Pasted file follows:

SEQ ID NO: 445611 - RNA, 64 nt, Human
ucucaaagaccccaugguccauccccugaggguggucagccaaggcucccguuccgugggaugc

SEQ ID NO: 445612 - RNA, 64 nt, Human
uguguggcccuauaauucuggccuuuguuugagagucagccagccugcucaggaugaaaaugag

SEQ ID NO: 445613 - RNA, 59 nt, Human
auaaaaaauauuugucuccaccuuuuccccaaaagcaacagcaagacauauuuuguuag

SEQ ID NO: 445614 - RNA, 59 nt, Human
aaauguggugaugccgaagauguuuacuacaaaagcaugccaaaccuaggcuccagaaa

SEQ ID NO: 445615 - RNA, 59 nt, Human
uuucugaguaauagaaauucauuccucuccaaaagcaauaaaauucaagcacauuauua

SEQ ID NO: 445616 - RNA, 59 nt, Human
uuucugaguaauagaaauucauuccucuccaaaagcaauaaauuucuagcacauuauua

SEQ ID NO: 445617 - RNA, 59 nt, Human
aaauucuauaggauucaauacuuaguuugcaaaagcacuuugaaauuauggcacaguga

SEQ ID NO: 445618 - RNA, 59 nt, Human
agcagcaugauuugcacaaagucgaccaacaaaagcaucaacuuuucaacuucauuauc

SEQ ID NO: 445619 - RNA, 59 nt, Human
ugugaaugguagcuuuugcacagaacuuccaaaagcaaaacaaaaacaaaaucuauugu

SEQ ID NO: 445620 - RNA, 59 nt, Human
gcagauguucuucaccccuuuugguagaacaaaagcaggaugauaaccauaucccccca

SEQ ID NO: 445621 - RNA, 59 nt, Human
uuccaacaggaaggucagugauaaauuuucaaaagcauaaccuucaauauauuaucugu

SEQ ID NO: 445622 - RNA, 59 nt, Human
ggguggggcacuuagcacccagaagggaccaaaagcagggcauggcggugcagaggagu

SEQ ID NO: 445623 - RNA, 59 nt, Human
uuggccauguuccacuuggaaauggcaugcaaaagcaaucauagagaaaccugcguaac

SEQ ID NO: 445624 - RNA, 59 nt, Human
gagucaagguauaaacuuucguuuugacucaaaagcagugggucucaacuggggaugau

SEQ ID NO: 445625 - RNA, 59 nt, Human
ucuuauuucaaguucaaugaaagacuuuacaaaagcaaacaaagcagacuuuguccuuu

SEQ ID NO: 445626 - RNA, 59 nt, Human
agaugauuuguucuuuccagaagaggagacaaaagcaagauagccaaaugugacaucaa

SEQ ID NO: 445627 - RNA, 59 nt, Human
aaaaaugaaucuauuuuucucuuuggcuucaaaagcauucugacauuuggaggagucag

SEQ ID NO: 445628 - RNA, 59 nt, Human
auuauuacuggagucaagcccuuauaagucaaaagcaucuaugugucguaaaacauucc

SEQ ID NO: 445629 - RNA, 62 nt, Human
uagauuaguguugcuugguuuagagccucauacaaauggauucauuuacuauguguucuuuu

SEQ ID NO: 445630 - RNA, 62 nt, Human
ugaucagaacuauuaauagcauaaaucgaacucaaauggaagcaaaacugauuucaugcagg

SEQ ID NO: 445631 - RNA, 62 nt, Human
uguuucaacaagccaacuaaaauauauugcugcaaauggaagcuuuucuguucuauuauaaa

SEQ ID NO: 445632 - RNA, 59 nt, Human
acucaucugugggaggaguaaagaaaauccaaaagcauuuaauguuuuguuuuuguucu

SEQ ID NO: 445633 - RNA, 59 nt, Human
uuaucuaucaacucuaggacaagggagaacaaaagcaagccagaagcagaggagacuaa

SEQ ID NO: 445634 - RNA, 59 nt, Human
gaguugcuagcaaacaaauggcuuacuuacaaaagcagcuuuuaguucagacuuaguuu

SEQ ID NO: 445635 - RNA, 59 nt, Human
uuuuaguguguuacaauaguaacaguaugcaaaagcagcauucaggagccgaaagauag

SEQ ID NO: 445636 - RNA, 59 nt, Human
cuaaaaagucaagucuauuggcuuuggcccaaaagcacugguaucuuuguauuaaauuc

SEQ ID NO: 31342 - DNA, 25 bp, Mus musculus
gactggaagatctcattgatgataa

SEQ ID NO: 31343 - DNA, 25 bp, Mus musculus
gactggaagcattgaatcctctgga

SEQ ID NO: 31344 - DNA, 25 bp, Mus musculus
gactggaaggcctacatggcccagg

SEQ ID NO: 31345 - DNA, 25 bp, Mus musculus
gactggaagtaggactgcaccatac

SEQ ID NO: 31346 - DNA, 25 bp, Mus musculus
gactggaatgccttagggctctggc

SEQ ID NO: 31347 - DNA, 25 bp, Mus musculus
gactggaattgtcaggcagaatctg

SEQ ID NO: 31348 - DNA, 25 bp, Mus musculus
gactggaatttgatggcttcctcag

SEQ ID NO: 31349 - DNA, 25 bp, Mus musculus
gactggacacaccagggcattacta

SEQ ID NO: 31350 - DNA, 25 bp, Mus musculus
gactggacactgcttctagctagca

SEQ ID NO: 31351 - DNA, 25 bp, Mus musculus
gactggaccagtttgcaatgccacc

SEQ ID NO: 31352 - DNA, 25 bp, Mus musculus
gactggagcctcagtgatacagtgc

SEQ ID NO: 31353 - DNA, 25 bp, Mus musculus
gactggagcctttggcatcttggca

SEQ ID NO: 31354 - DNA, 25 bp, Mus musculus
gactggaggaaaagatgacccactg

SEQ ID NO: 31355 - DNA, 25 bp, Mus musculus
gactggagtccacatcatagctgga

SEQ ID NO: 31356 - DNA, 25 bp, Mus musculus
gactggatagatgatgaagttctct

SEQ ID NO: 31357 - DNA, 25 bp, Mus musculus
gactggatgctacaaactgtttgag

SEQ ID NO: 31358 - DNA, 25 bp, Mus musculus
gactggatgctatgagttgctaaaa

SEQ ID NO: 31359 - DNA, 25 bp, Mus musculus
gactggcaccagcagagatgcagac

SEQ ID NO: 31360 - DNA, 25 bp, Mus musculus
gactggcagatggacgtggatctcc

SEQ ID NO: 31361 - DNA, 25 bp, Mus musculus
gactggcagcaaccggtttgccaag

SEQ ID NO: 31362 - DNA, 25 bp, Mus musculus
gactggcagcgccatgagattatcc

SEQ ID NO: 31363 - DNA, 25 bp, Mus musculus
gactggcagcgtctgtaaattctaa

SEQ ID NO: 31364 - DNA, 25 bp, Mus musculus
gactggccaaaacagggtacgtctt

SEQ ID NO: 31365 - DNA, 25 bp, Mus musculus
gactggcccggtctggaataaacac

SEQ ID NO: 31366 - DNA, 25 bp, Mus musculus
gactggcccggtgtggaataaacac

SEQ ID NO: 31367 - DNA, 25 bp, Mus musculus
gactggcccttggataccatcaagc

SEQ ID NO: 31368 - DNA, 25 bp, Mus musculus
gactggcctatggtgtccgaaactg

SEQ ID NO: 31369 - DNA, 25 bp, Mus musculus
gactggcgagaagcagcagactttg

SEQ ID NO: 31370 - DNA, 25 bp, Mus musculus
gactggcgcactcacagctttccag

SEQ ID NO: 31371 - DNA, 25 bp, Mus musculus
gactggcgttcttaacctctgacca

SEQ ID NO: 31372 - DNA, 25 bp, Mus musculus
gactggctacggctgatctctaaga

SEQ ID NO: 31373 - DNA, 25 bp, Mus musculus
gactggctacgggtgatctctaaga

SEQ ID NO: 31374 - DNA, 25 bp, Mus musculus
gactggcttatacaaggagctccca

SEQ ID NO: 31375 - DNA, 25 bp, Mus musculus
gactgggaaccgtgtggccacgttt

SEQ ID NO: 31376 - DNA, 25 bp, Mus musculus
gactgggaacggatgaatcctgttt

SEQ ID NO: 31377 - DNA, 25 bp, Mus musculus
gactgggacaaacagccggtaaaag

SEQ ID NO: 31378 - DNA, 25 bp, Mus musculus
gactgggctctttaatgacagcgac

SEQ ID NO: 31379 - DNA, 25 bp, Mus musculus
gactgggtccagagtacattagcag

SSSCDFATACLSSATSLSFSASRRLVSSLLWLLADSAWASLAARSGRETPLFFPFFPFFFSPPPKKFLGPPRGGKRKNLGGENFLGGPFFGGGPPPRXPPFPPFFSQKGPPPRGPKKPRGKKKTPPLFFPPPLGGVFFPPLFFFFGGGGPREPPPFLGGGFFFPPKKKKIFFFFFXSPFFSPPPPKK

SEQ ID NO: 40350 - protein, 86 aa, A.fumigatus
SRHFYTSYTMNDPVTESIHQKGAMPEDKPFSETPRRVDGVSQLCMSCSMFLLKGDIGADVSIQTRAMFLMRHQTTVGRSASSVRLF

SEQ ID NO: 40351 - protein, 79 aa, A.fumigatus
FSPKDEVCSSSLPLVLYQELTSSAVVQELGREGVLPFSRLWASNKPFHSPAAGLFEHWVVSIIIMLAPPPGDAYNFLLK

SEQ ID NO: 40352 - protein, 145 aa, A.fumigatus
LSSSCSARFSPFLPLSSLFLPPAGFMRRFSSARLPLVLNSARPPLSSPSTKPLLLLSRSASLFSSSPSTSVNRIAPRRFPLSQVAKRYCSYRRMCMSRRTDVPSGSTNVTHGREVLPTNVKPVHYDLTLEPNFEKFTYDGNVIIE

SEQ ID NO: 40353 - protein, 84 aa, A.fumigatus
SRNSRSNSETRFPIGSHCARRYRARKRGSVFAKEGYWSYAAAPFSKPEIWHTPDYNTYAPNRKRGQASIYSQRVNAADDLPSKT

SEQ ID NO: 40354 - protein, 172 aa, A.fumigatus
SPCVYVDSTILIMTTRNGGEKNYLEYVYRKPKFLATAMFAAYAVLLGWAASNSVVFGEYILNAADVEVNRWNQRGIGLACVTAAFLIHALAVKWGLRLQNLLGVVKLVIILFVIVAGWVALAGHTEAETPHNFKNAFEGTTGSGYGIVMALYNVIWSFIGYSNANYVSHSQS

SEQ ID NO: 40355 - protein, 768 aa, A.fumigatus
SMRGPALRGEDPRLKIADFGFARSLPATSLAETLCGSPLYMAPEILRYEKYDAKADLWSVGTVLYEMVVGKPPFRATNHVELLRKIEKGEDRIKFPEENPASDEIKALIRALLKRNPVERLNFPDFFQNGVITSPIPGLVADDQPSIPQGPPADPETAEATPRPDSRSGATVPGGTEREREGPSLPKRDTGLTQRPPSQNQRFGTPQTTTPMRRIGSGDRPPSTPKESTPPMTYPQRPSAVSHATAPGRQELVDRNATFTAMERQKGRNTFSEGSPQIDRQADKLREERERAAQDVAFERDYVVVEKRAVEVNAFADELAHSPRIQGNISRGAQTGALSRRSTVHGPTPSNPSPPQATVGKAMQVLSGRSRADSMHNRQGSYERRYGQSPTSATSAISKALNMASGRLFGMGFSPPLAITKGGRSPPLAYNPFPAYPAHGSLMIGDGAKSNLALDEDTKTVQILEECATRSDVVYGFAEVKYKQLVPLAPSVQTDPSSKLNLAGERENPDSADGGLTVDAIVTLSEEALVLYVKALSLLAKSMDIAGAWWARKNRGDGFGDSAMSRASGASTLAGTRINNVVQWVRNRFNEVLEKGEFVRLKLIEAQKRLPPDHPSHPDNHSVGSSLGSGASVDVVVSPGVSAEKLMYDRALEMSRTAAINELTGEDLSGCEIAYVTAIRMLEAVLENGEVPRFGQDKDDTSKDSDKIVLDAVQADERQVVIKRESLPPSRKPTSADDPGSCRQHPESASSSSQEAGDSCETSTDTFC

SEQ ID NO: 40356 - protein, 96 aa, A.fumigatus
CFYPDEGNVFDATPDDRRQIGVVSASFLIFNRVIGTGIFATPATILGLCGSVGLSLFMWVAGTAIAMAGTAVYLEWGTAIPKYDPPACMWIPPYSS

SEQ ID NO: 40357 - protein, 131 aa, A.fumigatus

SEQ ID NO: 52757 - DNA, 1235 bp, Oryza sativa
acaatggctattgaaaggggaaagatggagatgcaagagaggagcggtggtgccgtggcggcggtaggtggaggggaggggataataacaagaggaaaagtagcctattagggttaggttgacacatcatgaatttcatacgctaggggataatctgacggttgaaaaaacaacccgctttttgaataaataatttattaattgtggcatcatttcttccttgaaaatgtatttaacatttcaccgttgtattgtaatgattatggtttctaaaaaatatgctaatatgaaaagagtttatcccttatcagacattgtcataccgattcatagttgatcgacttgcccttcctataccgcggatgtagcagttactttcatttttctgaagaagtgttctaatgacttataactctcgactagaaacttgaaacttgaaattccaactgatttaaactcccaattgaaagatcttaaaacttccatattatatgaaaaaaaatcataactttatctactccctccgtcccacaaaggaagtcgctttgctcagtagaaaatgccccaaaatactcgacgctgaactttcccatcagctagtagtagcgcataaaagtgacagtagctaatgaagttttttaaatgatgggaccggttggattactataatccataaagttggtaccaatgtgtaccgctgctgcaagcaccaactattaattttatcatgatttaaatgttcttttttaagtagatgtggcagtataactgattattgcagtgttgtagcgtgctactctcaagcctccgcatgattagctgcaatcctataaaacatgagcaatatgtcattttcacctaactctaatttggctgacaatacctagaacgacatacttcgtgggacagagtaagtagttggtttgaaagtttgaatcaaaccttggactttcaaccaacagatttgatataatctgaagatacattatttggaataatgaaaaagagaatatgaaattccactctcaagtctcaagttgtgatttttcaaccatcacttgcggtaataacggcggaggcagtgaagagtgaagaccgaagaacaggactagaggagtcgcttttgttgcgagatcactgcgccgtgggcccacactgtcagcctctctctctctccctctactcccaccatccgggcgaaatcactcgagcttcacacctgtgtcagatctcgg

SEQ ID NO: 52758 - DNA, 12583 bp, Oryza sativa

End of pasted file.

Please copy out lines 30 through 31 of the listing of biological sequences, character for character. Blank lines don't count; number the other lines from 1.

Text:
ucuuauuucaaguucaaugaaagacuuuacaaaagcaaacaaagcagacuuuguccuuu

SEQ ID NO: 445626 - RNA, 59 nt, Human